3. The Buyer (payee)

4. The factoring company

5. The payment servicing company

After the transaction is complete, the Buyer will then become the assignee of the Seller.

 

Does a government agency oversee SMA transactions?
Yes, the transaction is typically governed by state law and must be approved by the state court. In most cases, a state judge will review the transaction and grant approval if the Seller and Buyer’s interests satisfactory.

 

Who actually pays the income stream after the sale is completed?
If the annuity was issued by an insurance company, that company will continue making the payments through a payment servicing company. If a state lottery was the original issuer of the payout, then the lottery commission in that state will continue the payments to the buyer.

 

Can I name a beneficiary to receive the money if I die before the term ends?
You cannot name a beneficiary to a Secondary Market Annuity. You can, however, direct the money to an heir using your will because the funds will be paid to your estate.

 

What about fees?
Ordinarily, the annuity company will not charge fees unless they use a payment service company who will likely charge a nominal fee of about $8 per month. If you are purchasing an SMA using a self-directed IRA, the IRA custodian will typically charge an annual fee that would range from $75 to $125 per year.

 

Who typically invests in Secondary Market Annuities?
The typical SMA investor generally has a relatively high net worth and is looking for higher than average returns but with limited risk. Many SMA investors have maxed out traditional investments, are close to retirement, and want an immediate income stream.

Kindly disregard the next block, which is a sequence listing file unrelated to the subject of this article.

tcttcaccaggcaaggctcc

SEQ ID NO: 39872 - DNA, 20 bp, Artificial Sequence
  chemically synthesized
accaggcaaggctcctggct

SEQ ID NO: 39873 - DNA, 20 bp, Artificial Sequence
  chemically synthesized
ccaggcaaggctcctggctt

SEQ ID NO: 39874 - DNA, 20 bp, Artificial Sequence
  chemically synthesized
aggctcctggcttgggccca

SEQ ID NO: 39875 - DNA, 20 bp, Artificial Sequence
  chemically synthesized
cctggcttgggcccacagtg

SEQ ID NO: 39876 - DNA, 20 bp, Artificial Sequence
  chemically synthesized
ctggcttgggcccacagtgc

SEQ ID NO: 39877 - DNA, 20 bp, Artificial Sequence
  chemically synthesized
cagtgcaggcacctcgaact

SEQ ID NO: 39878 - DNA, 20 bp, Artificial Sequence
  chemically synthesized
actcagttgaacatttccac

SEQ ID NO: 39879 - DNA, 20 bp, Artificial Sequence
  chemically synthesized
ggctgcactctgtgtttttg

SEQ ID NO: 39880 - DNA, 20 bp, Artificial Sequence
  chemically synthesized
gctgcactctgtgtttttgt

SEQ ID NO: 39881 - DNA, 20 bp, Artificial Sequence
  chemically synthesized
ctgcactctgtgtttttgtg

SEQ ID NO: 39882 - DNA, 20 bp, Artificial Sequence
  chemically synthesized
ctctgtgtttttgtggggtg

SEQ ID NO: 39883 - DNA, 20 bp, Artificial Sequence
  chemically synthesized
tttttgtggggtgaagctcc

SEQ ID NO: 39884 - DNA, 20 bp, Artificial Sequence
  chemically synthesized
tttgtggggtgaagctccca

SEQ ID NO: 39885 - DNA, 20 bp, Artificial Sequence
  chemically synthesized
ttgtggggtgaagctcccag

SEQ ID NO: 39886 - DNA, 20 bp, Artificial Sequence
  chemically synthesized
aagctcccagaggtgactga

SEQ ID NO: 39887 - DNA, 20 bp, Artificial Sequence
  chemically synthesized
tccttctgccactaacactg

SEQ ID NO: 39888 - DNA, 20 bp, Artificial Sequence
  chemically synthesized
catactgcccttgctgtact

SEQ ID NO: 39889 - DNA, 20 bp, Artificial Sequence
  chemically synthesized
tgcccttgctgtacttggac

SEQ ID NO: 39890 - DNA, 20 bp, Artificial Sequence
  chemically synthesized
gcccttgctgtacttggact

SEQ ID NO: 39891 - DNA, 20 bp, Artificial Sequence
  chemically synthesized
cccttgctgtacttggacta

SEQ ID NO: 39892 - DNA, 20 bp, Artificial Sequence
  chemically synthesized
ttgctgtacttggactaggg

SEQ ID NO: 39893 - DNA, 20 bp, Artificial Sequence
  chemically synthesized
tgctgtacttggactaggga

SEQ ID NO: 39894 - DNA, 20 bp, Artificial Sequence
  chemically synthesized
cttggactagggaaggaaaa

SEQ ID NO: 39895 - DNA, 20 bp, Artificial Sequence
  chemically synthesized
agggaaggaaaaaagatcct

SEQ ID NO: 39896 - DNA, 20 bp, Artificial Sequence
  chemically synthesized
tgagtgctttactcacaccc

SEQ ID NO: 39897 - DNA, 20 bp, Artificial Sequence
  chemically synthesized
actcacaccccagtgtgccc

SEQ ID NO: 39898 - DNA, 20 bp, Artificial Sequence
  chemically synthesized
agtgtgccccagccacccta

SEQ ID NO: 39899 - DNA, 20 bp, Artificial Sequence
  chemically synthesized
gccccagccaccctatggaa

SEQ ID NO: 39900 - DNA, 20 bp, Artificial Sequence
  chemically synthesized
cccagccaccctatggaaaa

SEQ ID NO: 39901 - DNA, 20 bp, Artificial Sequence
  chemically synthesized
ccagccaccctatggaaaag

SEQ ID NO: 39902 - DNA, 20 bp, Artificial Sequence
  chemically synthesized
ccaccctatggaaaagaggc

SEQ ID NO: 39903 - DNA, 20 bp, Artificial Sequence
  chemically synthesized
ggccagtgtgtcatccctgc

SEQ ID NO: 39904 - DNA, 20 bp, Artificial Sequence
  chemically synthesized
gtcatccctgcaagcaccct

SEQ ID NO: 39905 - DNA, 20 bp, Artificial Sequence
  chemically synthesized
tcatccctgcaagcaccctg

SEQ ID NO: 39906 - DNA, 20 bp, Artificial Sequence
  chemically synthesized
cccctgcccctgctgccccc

What are the risks when purchasing Secondary Market Annuities?
With almost any financial transaction there can be risks to consider and purchasing an SMA is no different. There are three risks to be aware of prior to completing the transaction:

1. Since SMAs are not protected by the state guaranty association, your purchase is at risk if the insurance company that issued the annuity or the lottery making the payments goes under. This could result in a considerable financial loss.

2. The court that approved the transfer of the structured settlement could be overturned if it is determined that fraud occurred or an error was made during the transaction. This situation would result in a complete financial loss.

3. If after the transaction is completed, the IRS determines the court didn’t comply with federal and state laws, the IRS can require the buyer to pay an excise tax retroactive to the sale.

 

In Conclusion

 

Certainly, other questions are likely to come up during your search to purchase SMAs, so we encourage you to contact an annuity professional at Structured Wealth Strategies at (800) 595-1130 during normal business hours. You can also book a phone appointment and review our Live Inventory page that is updated regularly.

 

More Information about Secondary Market Annuities

What is a Secondary Market Annuity?

Secondary Market Annuity Pros and Cons

How to Buy Secondary Market Annuities